Monday, July 20th, 2009

Journalism: in whose interest?

Some interesting points have been made in the comments to my post about Why Paid Journalism is in Trouble. Crucially, they falls into the trap of conflating the interests of readers with those of journalists. It’s worth looking at this in a bit more depth. (Quite a bit more depth actually. Sorry if I ramble […]

Tuesday, July 14th, 2009

iPhone – the saviour of journalism

Inspired by the thoughts of blogger Soilman, my post on Why journalism may become software development struck a chord with a few readers. I’m now pleased to say it seems to be coming true (though not because of me, you understand). Media Industry Newsletter web site Min Online suggests 5 online content models worth watching – […]

Tuesday, July 14th, 2009

Why paid journalism is in trouble

As a coda to my post on why journalists can’t afford to be purist about their trade anymore, Eat Sleep Publish sums up exactly why the paid journalism model is in such trouble. Former P-I staffer Curt Milton runs theEastlake Ave blog. He keeps a part time job, makes tons of local connections, writes his posts, edits […]

Tuesday, July 14th, 2009

Journalists can't afford to be purist about their trade anymore

There’s a nice rant over at Fleet Street Blues decrying the media’s current seeming obsession with the delivery of media content over its practice. The best thing about journalism isn’t blogging, or Twittering, or finding innovative multimeeja ways to tell a story, or even asking someone difficult questions Paxman-style. It’s about finding something out that no one […]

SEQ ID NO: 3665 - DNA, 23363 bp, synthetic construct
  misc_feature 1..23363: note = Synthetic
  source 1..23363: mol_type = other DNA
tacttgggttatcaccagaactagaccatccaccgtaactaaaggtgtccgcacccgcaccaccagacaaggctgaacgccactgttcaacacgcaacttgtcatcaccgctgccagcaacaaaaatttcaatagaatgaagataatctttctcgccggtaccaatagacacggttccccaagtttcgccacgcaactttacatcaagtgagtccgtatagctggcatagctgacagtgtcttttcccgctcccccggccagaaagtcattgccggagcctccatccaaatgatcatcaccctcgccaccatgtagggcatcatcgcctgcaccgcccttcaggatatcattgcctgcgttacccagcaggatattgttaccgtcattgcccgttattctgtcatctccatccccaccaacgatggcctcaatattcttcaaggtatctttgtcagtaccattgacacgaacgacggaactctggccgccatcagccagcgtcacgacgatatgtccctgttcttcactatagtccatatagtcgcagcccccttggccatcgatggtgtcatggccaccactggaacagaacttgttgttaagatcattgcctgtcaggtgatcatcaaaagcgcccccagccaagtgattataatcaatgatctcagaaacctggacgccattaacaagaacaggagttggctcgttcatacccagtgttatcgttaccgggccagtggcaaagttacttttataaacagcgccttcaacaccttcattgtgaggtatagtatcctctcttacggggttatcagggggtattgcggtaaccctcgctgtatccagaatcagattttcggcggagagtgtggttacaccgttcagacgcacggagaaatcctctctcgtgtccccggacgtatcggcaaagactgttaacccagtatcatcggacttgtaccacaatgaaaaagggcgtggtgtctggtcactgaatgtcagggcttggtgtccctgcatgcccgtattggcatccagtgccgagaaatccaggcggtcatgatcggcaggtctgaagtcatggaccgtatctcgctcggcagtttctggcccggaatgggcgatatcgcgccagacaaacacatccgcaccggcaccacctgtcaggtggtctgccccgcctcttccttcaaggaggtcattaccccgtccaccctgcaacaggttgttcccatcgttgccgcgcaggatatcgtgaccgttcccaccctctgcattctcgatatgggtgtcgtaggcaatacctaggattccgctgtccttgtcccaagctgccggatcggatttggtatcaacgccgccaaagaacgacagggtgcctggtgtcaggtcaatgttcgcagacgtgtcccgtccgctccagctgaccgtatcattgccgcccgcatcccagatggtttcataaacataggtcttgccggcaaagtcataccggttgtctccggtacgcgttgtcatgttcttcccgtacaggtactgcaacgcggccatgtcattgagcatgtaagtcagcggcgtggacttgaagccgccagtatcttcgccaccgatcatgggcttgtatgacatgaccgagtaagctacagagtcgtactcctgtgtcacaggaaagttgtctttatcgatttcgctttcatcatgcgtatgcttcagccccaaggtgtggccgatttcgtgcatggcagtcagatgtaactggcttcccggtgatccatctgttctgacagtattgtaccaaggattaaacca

Thursday, July 9th, 2009

Financial meltdown – a headline montage

I’ve been meaning to put this together for a while. They’re more or less sequential and all in chronological order. Sadly a whole pile of papers I was collecting got ditched when I turned my back, but this crop pretty much reeks of the fear and loathing that infected the City at the end of […]

Wednesday, July 1st, 2009

The future of digital publishing – a conversation

Today I’ve invited another blogger to join me in a discussion about the future of web journalism and the economics of publishing in a rapidly digitising world. Blogging about the world of amateur horticulture under the name Soilman (well, it’s nice to have a hobby), he also has wide experience in journalism and editorial training. […]

Friday, June 19th, 2009

Can a donation model fund web content?

Media owners and publishers are, to say the least, anxious about the financial viability of journalism, given the web’s capacity for undermining the usual business model for content (buying stuff) by, basically, giving it away free. The UK government is even thinking about annexing part of the BBC licence fee to support regional news on […]

Tuesday, June 2nd, 2009

More on the demise of the professional journalist

Here’s a good essay from Dan Tynan on the pressure faced by “real” journalists (ie those who spend time doing original research, rather than regurgitating other people’s material verbatim and claiming credit for it). He contrasts the effort required to produced a thoroughly researched and well-written 2,500 word article with the instant traffic generated for […]

Monday, June 1st, 2009

Do professional media standards matter?

I suggested earlier that structural change is irrevocably changing the media model.  Reader Bill Bennett is sceptical. He comments: The acid test: Can an average 14-year-old create a TV network that anyone would consider worth watching? The answer is “probably not”. Substitute ‘average 14-year-old’ with “team of experienced professional TV network executives” and ask the same question. […]

Saturday, May 30th, 2009

Why the old media model is utterly broken

A very good piece by Bob Garfield in Advertising Age explains why not only print is dead, but the rest of the media as well.  The key is this quote from Randall Rothenberg:  “Today the average 14-year-old can create a global television network with applications that are built into her laptop. So from a very […]